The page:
...Only 300 of the men drank from their hands. All the others got down on their knees and drank with their mouths in the stream. The Lord told Gideon, "With these 300 men I will rescue you and give you victory over the Midianites. Send all the others home." Unpreparedness is another factor that will disqualify us from being chosen. Men who stayed upright, bringing water to their faces were alert, watching, vigilant. There are many warnings in the NT about staying vigilant in battle!
7:9-15 I love God's gentle reassurance once again to Gideon. It's as if God is sensitive to Gideon's insecurities about being so weak in his flesh, and He doesn't want Gideon to go into this huge calling without the inner assurance that God is big enough! Notice that this time, Gideon didn't ask for a sign, but God woke him up and sent him to get a sign of reassurance. It reminds me of a verse in Isaiah:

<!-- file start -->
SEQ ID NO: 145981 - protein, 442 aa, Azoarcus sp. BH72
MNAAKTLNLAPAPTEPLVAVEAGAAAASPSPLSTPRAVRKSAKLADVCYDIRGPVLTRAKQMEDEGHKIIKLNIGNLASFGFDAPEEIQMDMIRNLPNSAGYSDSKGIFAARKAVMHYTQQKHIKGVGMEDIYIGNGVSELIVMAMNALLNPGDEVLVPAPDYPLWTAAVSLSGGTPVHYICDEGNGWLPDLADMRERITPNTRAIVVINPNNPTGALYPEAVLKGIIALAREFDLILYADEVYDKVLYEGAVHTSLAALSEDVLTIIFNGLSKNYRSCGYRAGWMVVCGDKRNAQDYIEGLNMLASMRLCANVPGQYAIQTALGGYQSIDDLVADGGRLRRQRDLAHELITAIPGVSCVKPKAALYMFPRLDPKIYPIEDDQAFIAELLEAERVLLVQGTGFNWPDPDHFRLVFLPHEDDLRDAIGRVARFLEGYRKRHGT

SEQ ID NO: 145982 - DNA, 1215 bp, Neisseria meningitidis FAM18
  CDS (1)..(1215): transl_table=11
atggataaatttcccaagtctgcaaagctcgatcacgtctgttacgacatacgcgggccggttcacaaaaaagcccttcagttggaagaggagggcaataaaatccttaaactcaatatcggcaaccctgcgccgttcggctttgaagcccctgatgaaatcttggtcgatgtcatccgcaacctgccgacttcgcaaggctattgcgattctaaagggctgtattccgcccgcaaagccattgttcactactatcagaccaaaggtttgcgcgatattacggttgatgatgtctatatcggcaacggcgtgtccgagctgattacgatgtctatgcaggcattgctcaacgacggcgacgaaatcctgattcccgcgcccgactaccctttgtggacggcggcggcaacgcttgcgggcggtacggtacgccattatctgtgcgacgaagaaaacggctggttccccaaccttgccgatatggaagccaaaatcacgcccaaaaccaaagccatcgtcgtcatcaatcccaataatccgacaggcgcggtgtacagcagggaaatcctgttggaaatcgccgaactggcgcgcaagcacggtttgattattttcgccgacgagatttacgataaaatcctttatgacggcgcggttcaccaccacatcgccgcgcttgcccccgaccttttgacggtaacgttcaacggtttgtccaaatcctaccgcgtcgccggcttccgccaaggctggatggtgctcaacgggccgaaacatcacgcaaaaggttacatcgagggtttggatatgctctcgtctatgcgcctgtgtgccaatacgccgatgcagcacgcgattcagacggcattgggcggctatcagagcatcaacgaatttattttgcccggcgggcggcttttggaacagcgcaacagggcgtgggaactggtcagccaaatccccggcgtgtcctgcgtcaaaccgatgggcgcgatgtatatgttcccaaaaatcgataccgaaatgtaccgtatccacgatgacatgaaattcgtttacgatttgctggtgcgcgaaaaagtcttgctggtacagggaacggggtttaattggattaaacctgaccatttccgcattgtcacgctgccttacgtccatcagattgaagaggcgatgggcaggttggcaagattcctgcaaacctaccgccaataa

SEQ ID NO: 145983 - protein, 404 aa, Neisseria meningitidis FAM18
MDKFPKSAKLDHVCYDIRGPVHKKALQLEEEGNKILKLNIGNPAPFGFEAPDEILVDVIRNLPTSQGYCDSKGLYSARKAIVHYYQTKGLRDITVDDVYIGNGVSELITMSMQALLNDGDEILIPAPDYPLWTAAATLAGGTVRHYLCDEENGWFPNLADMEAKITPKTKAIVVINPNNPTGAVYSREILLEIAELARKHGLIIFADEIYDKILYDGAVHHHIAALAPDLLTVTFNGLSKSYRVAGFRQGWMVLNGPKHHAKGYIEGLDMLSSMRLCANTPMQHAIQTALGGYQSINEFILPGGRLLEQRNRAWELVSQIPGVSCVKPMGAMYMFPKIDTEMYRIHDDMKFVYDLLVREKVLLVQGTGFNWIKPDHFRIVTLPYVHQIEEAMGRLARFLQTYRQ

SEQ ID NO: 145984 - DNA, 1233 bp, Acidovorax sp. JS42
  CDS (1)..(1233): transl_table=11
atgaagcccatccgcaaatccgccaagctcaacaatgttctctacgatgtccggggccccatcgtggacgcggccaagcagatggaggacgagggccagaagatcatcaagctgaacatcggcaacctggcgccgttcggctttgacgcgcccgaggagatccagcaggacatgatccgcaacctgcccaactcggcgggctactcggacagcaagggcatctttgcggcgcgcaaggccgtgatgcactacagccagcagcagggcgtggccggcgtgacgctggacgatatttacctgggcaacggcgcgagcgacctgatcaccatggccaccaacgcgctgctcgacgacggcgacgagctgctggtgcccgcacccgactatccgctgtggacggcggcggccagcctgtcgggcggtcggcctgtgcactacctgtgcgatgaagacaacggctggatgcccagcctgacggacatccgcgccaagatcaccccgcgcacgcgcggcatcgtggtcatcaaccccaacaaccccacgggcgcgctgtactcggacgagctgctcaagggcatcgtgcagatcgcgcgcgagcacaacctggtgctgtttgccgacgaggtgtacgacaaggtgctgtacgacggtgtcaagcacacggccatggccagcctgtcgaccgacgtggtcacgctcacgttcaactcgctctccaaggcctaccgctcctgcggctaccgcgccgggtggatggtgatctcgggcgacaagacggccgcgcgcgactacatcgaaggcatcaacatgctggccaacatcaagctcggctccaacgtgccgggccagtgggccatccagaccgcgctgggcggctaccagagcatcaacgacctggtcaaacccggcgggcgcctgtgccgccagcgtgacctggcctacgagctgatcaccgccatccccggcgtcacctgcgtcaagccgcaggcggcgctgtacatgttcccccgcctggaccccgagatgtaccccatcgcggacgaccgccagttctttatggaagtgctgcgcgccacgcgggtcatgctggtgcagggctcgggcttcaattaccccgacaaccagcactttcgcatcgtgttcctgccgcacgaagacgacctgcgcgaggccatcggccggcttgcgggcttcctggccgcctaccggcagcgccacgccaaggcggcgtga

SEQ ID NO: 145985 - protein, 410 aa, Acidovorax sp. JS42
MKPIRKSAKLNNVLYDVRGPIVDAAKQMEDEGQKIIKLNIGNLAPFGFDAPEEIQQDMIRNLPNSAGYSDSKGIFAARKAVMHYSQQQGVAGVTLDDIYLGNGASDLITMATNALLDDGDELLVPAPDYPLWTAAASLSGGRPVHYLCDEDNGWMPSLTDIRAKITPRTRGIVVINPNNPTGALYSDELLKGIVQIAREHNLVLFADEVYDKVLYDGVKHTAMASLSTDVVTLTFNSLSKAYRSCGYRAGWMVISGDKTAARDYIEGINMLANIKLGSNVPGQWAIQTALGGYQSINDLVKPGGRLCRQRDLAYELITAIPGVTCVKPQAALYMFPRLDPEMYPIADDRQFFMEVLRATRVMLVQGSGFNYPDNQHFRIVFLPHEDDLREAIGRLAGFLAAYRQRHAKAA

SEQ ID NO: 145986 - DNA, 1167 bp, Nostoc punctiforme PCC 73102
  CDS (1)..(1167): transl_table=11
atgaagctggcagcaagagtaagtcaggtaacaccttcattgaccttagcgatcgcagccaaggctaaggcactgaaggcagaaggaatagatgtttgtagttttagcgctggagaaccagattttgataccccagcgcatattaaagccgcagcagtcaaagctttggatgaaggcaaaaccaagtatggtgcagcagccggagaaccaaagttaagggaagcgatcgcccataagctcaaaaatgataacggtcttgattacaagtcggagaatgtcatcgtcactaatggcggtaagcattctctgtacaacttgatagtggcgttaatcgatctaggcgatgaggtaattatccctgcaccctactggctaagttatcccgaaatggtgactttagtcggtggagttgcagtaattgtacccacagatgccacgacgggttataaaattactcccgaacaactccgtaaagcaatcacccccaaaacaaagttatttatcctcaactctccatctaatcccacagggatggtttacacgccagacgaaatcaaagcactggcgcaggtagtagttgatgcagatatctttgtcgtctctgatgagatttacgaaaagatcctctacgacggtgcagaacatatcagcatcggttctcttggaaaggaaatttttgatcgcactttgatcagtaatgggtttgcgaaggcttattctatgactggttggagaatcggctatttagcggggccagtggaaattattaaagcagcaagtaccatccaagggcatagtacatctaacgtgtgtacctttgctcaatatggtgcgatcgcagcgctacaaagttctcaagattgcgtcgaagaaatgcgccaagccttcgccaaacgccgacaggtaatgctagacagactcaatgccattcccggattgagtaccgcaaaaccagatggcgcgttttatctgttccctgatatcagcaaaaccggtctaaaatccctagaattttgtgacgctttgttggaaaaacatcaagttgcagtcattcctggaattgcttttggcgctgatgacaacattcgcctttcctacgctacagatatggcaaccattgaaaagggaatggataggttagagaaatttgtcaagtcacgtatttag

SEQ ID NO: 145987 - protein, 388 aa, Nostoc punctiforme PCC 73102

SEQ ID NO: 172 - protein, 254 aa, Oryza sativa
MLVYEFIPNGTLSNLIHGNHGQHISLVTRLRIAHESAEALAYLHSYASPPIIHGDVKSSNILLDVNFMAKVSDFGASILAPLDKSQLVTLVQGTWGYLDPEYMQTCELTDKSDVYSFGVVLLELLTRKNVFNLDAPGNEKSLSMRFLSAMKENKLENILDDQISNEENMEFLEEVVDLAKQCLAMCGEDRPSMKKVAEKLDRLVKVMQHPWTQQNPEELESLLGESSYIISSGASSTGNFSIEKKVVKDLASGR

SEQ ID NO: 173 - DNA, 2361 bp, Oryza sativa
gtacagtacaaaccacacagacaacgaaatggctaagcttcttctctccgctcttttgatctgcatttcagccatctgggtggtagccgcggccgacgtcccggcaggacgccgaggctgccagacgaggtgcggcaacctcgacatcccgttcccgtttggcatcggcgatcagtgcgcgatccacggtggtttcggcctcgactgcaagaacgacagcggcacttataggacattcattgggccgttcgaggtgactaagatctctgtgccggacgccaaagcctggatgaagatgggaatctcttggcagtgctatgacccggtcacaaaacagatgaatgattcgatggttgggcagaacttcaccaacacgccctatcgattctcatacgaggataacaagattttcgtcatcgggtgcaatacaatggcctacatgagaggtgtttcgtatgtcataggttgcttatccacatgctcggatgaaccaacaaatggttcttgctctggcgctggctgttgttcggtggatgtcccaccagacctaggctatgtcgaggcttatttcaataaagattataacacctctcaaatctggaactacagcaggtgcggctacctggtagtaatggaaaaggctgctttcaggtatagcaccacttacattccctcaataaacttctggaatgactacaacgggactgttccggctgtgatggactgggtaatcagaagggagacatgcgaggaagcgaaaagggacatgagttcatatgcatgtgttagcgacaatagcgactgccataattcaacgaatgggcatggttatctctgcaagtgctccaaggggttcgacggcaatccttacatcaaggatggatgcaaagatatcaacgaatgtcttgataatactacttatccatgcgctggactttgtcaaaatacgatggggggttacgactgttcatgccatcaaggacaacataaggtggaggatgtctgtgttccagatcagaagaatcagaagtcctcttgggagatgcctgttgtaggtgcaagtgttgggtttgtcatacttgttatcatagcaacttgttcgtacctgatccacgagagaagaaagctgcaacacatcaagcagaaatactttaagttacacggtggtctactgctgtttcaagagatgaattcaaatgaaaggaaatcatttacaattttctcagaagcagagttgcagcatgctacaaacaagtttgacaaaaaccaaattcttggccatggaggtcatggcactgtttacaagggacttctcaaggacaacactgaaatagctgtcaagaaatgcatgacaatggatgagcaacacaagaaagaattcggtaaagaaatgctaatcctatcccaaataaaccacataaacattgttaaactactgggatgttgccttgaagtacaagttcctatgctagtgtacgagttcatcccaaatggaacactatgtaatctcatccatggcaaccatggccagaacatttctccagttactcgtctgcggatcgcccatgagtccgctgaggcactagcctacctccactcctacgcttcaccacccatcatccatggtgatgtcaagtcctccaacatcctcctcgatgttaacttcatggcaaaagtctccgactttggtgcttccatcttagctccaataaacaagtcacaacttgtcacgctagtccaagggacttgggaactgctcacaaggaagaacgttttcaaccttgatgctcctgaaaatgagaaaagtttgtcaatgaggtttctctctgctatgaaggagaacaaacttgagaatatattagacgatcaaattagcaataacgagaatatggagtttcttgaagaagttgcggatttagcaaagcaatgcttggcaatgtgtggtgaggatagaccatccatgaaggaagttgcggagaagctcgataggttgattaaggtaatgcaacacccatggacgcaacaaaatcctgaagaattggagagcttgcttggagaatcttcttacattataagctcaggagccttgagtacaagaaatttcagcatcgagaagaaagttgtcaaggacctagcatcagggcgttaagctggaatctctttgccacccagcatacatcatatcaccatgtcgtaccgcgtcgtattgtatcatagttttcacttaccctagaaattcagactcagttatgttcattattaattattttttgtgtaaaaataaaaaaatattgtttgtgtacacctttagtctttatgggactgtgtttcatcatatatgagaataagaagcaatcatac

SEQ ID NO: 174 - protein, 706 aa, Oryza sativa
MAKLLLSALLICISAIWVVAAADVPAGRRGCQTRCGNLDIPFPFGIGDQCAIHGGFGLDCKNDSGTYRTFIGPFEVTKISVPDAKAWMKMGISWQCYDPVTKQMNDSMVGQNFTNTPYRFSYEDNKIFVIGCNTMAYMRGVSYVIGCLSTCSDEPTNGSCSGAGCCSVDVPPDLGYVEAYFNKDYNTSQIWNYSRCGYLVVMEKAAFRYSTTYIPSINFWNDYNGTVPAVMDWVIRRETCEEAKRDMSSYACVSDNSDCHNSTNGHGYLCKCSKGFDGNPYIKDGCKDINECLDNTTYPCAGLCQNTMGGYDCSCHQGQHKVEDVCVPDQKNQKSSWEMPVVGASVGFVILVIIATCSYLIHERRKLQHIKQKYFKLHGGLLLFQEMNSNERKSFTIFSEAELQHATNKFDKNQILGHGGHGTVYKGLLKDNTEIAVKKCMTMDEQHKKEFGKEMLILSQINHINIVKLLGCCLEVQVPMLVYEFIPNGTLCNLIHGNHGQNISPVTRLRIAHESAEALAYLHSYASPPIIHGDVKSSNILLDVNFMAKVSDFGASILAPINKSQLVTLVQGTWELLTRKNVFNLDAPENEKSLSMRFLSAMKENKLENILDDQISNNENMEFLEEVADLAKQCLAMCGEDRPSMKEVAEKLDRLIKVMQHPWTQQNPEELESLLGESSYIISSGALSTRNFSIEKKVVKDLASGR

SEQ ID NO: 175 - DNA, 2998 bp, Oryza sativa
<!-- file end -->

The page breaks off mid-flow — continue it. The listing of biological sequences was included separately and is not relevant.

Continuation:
"A bruised reed He will not break And a dimly burning wick He will not extinguish..." Isaiah 42:3
7:13 The man said, "I had this dream, and in my dream a loaf of barley bread came tumbling down into the Midianite camp. It hit [the] tent, turned it over, and knocked it flat! I love that now with our Jewish Harvests and Feast, we can fully understand the meaning of this verse. Jesus was the firstfruits offering to God at His resurrection. The firstfruits harvest is one of three harvests and is the Barley Harvest, which takes place during the Feast of Unleavened Bread in the spring (during the week Jesus was resurrected). So, Jesus, the Bread of Life, the firstfruits/barley loaf, tumbled down into the Midianite camp and knocked it flat! Note that in the other translations, the single tent represented the whole Midianite camp, not just one tent like NLT tried to translate.